It may be because I’ve been doing a bit of research for mortgage companies lately, but I’m going to start with a housing metaphor. Imagine investing in a house. It’s modern and functional, but over the years you start to see the holes. After 3 years, you scrap it and buy a new house. You let it stagnate for another few years, and finally decide it’s time for another new house.
You would be putting a lot of work into acquiring new houses, and losing money on every old house you simply forgot about. Sadly, this has been the mindset people use for website redesigns. Between redesigns, your website can sit and become dated, while not taking full advantage of the website’s potential. Just so I don’t bore you with more of this metaphor, I’ll just say that a website should be treated the same as your home. Invest in a strong build, make gradual improvements, and complete some major renovations when it becomes apparent and necessary.
Here are 3 Basic Steps to Continuous Website Improvement:
1. Gathering Impactful Data
Feedback is one of the most important parts of continuous website improvement. Part of creating a website that’s successful is understanding that your first ideas might not be the best ones. If you’re planning to build your site deeper and create subpages, you should be basing all of the new pages on keyword research, performance of your current pages and feedback from your users.
When your website launches, you should already be recording all of the available data with tools like Google Analytics or Adobe Omniture. This means proper tracking of page views, and proper tracking and valuation or lead scoring of form submissions.
Once you have that data, you can use it to start improving pieces of your website. For example, you may find that if your landing page visitors are first-time visitors, they need some more information about your company. Or if you find out that many of your visitors are viewing on mobile devices, you can make sure that their experience is catered to and simplified by making sure you have a responsive design. Using impactful data you can ensure that you’re working on continuously improving your website.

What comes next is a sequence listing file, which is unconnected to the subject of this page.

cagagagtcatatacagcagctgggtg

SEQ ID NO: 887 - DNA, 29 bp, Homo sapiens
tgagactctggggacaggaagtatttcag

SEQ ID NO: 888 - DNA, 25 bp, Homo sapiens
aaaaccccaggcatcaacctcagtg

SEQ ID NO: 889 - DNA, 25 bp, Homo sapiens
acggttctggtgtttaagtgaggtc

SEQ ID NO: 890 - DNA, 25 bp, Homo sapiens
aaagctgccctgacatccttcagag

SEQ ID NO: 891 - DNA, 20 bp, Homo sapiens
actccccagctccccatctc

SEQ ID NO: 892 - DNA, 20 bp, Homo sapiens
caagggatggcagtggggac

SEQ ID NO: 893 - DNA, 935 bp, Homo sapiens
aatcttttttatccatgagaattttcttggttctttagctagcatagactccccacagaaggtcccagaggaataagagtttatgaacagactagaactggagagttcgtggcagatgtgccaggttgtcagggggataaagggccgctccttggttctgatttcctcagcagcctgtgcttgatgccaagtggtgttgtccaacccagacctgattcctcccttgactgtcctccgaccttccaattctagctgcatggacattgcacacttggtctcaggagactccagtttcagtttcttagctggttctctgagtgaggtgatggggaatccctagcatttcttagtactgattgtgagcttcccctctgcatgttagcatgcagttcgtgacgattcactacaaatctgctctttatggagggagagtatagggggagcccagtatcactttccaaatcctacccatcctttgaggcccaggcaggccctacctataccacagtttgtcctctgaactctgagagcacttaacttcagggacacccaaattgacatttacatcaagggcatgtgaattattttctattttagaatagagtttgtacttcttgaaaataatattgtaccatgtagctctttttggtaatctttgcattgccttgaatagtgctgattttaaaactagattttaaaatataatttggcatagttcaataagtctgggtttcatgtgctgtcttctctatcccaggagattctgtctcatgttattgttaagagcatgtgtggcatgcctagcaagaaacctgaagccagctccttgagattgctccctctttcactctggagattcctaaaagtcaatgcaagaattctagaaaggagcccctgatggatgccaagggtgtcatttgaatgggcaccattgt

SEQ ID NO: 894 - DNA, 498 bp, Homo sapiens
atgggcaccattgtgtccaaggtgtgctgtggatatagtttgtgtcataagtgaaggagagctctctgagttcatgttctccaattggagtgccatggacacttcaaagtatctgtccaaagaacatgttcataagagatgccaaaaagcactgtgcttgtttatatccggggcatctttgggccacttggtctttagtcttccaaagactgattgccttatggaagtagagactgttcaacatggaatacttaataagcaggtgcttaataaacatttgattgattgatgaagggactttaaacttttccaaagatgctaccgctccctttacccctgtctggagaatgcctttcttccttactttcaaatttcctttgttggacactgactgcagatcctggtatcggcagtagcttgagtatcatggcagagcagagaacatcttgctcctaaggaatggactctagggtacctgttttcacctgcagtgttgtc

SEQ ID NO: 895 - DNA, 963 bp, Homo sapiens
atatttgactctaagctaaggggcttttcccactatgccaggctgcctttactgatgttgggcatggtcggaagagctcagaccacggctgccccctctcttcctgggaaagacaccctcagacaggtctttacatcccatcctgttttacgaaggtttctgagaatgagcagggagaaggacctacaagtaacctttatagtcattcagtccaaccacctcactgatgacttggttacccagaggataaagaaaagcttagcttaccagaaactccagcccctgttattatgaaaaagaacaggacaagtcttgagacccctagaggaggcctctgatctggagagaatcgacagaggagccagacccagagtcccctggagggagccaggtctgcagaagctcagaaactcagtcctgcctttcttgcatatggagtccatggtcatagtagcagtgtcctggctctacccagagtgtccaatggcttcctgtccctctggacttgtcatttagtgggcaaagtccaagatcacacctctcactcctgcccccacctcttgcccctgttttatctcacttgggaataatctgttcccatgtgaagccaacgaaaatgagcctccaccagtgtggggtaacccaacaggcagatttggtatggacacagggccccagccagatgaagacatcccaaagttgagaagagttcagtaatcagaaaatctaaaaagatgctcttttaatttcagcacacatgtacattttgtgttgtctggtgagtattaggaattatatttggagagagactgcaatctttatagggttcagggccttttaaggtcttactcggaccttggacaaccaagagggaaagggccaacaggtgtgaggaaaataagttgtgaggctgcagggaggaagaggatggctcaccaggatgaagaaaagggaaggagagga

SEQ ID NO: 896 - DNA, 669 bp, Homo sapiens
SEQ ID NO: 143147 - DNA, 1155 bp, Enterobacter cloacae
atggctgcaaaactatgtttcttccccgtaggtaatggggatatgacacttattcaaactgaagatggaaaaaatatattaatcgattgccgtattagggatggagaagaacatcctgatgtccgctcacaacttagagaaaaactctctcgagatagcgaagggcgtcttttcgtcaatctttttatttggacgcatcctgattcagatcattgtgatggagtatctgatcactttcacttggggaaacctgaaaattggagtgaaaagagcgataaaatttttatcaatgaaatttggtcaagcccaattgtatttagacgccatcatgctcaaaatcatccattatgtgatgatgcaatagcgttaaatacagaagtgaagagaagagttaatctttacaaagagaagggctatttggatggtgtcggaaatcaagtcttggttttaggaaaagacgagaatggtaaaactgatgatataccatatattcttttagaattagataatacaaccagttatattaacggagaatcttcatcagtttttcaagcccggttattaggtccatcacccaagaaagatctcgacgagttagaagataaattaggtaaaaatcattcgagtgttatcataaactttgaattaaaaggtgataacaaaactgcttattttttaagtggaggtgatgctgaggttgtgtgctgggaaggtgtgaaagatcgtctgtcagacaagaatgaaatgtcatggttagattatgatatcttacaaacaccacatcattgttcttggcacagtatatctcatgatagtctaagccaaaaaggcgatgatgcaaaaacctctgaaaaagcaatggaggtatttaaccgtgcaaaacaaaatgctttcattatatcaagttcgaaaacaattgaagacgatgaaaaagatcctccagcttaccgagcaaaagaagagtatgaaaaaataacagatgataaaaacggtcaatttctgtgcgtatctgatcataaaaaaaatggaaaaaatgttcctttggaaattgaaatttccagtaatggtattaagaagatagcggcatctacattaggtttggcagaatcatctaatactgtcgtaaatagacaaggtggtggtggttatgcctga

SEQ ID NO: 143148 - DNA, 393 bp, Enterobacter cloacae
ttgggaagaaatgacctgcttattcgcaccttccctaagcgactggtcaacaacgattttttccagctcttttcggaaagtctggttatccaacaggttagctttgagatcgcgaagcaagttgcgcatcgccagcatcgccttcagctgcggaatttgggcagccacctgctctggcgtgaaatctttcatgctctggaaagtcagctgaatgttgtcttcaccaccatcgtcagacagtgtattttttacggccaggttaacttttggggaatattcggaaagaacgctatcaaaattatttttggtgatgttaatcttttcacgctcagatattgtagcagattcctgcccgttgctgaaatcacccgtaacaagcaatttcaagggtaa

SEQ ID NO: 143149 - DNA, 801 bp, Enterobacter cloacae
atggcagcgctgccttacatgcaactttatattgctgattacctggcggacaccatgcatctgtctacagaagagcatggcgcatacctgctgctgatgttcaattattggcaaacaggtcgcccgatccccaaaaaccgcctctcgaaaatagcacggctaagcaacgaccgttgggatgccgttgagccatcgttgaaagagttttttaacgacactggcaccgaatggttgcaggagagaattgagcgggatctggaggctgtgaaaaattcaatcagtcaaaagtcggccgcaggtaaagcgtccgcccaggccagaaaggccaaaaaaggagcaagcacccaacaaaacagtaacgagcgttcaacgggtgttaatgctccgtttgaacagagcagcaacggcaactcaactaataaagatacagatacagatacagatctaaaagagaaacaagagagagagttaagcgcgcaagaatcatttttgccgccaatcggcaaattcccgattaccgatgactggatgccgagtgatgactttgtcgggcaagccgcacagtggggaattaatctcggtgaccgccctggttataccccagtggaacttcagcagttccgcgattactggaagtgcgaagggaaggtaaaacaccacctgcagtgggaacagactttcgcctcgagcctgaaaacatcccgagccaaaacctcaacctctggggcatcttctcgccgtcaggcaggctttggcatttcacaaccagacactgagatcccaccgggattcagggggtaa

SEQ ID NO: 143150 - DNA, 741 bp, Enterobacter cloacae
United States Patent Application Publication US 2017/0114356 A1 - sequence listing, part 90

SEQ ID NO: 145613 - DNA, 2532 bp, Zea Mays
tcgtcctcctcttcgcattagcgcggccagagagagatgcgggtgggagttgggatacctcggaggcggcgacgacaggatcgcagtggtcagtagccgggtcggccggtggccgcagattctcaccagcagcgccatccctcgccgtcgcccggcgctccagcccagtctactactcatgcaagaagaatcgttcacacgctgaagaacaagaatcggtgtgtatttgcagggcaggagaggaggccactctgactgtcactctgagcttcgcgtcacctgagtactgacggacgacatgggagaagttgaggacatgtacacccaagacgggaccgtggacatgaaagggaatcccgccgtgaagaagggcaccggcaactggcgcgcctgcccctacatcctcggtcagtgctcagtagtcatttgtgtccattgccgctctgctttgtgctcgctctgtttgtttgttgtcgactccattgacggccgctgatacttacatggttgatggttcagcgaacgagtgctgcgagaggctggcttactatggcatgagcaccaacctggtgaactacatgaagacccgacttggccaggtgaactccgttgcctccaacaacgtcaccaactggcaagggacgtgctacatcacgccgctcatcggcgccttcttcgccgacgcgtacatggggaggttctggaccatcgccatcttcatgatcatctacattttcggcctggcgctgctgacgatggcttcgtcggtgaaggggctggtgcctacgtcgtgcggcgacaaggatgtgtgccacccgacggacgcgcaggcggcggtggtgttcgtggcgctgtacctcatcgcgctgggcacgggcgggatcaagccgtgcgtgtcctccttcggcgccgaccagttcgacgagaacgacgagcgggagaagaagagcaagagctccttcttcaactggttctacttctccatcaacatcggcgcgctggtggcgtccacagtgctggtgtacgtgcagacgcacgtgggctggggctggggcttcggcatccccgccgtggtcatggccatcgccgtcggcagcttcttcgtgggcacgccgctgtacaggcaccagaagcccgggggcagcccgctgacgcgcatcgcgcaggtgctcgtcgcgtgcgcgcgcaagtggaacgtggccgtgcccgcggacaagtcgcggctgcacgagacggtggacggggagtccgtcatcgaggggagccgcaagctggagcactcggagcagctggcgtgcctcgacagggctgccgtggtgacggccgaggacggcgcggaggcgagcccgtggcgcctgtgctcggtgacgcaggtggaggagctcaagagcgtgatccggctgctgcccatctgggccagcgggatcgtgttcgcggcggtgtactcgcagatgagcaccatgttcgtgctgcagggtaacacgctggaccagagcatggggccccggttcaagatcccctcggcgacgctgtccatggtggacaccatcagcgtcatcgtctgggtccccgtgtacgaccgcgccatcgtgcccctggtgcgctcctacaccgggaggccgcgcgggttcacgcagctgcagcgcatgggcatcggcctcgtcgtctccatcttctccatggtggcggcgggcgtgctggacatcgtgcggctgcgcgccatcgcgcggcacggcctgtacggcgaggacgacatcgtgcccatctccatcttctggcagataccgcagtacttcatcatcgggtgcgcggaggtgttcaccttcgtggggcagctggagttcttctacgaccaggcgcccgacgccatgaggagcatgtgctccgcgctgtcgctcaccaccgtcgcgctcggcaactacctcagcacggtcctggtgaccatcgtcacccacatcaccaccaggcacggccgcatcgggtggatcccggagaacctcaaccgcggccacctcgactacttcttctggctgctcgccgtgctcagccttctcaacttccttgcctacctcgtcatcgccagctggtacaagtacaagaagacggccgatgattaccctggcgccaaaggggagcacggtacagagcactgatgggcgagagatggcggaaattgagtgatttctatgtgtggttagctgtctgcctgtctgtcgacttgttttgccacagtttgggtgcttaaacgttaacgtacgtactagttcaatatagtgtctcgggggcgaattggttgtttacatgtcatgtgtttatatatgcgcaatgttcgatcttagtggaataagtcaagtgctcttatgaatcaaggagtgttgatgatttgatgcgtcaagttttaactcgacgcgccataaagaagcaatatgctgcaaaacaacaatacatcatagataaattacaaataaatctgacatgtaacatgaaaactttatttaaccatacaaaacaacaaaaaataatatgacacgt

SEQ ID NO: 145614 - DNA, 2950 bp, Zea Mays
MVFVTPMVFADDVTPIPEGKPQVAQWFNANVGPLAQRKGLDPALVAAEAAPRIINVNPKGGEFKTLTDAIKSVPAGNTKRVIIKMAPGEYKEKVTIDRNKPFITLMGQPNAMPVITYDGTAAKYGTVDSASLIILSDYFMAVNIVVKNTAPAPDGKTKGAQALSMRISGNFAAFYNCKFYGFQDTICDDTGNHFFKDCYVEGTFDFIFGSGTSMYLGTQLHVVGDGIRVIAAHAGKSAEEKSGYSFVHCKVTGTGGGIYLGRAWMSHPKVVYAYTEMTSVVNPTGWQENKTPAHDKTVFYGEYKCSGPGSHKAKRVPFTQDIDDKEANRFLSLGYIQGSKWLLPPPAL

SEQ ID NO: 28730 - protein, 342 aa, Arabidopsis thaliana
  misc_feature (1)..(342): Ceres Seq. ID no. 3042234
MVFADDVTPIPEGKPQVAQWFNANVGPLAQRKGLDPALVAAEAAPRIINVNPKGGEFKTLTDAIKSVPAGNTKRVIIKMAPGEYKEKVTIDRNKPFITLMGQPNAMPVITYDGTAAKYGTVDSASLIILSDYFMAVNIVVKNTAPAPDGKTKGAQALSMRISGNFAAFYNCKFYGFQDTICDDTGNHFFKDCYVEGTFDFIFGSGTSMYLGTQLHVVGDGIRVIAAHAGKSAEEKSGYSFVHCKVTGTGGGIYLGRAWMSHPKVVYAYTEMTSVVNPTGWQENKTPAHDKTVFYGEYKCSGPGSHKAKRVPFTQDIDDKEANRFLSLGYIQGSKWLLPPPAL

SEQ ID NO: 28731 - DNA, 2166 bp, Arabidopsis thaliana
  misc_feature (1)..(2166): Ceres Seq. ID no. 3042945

Multivariate testing is sometimes depicted as some version of social engineering. It’s often oversold as changing one button color and doubling revenues as a result. However, knowing what changes will continuously improve your website may take some more digging and that’s where testing comes into play.
When you split test two website pages and compare the data, a major difference usually comes from overall strategy. The difference in approach can come from visual changes. Your decision can be made based on whether your potential customer is more enticed by technical details or a refusal to disclose that information yet. Split testing can help you learn what approaches work for each of your customer groups, and whether the things that you learn can be applied to your other landing pages.
3. Thinking About the Long-Term
Continuous website improvement also means having a team that is involved and invested in your website for the long-term. Rather than starting from scratch each time your website becomes outdated, your team’s mindset should be to think of the website as a project that’s never truly finished. When working on a website project for your company, you’ll need to think about impactful changes and new features to add to your website that will be influential for your users in the long-term.
The Launch + Growth™ method to continuous website improvement allows you to always keep your website fresh and ahead of your competitors. Following these basic steps you can ensure that your website project will never be out of date.